Cardiovascular health

Can dairy fat be good for your heart?


Whole fat dairy products are a well-known source of saturated fatty acids, which are considered as “unhealthy” for the heart. However, in this systematic review, Jean-Philippe Drouin-Chartier, from Laval University, and colleagues found that dairy products show either favorable or neutral associations with cardiovascular-related clinical outcomes, independently of their fat content. The dairy fat paradox does exist!

Heart health: the unexpected benefits of dairy products

This review is based on prospective population studies and investigated the association between dairy consumption and different cardiovascular-related clinical outcomes: cardiovascular disease (CVD), coronary artery disease (CAD), stroke, hypertension, metabolic syndrome (MetS), and type 2 diabetes (T2D). The authors also rated the quality of evidence by grading the quality of evidence and the strength of recommendations. They identified numerous protective associations for dairy, among which yogurt in T2D (high-quality evidence), and fermented milk in stroke (moderate-quality evidence).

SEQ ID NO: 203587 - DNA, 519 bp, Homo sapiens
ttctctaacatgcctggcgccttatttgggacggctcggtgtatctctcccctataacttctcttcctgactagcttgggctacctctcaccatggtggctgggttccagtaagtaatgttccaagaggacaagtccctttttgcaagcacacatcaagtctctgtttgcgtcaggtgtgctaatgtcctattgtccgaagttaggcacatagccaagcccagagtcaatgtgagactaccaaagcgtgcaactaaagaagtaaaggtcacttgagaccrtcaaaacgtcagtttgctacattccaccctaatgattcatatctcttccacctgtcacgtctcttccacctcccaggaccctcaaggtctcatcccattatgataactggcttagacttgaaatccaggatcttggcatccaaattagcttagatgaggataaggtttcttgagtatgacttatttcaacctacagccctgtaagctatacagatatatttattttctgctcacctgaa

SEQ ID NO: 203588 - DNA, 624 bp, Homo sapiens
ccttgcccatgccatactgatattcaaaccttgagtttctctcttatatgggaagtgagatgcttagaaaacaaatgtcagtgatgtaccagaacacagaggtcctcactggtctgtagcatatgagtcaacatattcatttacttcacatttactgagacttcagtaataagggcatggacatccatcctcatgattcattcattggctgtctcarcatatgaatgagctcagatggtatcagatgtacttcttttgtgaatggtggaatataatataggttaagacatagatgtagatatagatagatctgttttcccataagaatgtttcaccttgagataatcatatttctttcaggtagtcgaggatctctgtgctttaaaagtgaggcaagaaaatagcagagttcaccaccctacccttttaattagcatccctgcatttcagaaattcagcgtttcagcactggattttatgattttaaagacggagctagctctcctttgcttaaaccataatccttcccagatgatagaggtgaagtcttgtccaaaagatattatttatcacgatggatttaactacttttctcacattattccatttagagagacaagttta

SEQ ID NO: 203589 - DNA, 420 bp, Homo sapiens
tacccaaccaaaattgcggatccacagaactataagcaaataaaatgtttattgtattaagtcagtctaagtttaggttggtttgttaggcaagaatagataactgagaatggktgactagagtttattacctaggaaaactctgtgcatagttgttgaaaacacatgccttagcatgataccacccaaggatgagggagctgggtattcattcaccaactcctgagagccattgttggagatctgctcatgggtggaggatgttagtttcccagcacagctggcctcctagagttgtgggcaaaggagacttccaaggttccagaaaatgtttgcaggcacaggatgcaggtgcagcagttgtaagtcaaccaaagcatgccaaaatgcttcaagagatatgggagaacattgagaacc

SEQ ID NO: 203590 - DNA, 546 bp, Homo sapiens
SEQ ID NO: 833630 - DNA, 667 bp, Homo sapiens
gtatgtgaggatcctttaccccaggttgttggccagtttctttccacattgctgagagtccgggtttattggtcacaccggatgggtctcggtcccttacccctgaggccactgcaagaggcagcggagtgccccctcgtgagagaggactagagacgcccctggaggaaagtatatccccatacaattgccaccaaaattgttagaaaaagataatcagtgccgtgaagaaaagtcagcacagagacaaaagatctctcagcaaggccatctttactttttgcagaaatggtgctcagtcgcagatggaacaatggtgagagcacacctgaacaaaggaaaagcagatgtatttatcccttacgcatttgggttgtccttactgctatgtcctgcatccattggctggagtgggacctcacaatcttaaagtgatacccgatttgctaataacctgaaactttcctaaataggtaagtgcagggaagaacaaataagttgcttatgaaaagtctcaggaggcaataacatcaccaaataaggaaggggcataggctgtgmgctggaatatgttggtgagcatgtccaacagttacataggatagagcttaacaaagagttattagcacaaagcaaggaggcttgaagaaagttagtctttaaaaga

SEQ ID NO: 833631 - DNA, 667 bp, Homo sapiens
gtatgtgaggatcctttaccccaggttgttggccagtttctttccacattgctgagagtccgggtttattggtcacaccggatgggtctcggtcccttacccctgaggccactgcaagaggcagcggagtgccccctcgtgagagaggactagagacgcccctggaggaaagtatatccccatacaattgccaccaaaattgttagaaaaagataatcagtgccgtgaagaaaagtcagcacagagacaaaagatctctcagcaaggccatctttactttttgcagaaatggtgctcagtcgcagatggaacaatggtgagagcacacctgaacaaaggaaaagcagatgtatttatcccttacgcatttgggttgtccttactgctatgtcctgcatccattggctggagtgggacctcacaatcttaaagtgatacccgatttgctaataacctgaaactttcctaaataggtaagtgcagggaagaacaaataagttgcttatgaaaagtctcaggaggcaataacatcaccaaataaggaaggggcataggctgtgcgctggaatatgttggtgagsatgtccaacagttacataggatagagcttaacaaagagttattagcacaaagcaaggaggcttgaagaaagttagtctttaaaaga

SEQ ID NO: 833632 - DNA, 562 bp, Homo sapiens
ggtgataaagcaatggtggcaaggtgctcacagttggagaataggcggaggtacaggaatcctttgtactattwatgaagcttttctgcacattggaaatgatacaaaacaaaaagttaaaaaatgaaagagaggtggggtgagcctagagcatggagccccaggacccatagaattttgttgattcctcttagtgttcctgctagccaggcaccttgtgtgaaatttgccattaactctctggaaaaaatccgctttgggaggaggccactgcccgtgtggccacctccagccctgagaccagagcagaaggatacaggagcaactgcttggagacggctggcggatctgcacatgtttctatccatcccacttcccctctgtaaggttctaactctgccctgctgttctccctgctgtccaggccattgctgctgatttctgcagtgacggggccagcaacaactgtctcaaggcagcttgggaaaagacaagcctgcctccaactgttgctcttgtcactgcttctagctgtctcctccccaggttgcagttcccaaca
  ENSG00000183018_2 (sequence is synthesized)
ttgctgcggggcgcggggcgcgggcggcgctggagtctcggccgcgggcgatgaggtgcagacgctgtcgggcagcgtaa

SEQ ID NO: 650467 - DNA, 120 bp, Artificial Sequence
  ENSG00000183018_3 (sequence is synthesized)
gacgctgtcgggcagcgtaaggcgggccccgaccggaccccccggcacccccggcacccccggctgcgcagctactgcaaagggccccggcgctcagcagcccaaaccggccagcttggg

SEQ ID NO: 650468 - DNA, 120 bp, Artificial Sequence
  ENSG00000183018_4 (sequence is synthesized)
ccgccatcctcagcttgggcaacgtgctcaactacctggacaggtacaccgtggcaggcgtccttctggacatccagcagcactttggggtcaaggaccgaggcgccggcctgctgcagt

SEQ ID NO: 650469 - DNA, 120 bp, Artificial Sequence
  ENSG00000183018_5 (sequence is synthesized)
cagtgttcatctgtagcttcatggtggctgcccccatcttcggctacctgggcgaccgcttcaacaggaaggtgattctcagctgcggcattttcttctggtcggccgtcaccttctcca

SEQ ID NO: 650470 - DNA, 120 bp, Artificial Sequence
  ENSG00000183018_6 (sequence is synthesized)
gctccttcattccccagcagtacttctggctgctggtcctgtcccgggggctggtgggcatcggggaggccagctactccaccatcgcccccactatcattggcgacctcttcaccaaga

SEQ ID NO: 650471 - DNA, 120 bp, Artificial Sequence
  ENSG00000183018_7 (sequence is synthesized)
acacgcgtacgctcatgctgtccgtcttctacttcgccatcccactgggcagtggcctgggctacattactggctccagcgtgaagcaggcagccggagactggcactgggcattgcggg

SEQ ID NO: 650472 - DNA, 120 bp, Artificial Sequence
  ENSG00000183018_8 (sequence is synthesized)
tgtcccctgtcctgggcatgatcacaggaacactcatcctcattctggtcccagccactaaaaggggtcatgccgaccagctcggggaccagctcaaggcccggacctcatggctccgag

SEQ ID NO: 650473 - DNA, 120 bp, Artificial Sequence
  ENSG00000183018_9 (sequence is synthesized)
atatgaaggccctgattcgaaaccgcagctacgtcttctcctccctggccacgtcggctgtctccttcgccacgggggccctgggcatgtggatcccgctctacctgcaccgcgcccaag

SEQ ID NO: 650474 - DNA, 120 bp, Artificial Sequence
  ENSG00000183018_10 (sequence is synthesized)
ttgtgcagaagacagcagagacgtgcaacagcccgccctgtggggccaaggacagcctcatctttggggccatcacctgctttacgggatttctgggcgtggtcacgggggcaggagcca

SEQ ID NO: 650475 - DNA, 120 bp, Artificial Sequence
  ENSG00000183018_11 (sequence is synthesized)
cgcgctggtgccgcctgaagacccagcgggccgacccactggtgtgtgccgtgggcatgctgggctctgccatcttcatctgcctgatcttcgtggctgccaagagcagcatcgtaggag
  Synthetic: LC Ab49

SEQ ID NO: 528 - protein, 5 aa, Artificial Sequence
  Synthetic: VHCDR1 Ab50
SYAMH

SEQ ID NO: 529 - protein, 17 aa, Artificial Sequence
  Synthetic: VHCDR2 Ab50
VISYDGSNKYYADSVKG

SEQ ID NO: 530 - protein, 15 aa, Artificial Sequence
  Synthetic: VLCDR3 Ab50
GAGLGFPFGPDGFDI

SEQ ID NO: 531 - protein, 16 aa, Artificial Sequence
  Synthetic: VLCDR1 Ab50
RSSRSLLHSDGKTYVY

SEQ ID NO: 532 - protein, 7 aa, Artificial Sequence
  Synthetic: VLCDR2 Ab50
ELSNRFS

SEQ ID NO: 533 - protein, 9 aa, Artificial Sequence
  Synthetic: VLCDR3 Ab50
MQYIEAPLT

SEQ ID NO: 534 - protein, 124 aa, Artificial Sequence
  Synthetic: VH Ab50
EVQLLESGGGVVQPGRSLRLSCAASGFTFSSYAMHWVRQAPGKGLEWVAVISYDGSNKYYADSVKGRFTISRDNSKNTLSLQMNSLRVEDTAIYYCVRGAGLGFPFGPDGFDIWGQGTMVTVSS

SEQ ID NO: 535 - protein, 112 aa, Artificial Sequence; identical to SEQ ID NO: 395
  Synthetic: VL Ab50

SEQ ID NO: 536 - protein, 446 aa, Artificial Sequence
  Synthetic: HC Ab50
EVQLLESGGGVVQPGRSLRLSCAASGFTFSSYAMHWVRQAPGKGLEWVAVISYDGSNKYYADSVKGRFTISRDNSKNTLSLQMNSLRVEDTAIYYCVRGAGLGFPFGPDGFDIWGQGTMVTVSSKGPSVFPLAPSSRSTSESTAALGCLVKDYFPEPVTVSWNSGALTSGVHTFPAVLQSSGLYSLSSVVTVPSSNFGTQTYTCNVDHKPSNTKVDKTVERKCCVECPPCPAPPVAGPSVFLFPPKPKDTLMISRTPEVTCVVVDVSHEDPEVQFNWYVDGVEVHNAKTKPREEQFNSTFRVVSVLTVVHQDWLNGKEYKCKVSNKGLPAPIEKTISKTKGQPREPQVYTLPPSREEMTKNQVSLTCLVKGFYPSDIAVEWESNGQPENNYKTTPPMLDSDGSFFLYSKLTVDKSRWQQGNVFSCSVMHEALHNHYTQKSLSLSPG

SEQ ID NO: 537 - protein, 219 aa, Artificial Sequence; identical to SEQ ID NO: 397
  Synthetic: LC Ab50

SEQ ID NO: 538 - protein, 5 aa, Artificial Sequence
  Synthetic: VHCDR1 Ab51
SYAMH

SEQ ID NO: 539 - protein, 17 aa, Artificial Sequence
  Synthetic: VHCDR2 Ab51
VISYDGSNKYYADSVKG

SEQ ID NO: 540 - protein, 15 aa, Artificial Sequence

No differences between low-fat and whole-fat dairy products

An important finding of this work is the absence of a clear difference in cardiovascular-related clinical outcomes between low-fat and whole fat dairy products. High- to moderate-quality evidence supports, neutral associations between total dairy, cheese and yogurt and CVD risk. The observations in hypertension outcomes are identical between regular- and high-fat dairy, milk, yogurt and fermented dairy. As well as between high-fat dairy, milk, and fermented dairy in T2D.

Globally, dairy products have a quite positive image in heart-related outcomes. As this work doesn’t find evidence-based argument supporting the recommendation to consume reduced fat dairy rather than regular-fat dairy in cardiovascular prevention, the authors suggest that further researches are needed to consolidate the evidences.

Dairy fat still has surprises in store for you !

To learn more, read the original article.

* Grading of Recommendations Assessment, Development and Evaluation. More info on GRADE here

Source: Drouin-Chartier J-P et al. Advances in Nutrition 2016;7:1026-1040.

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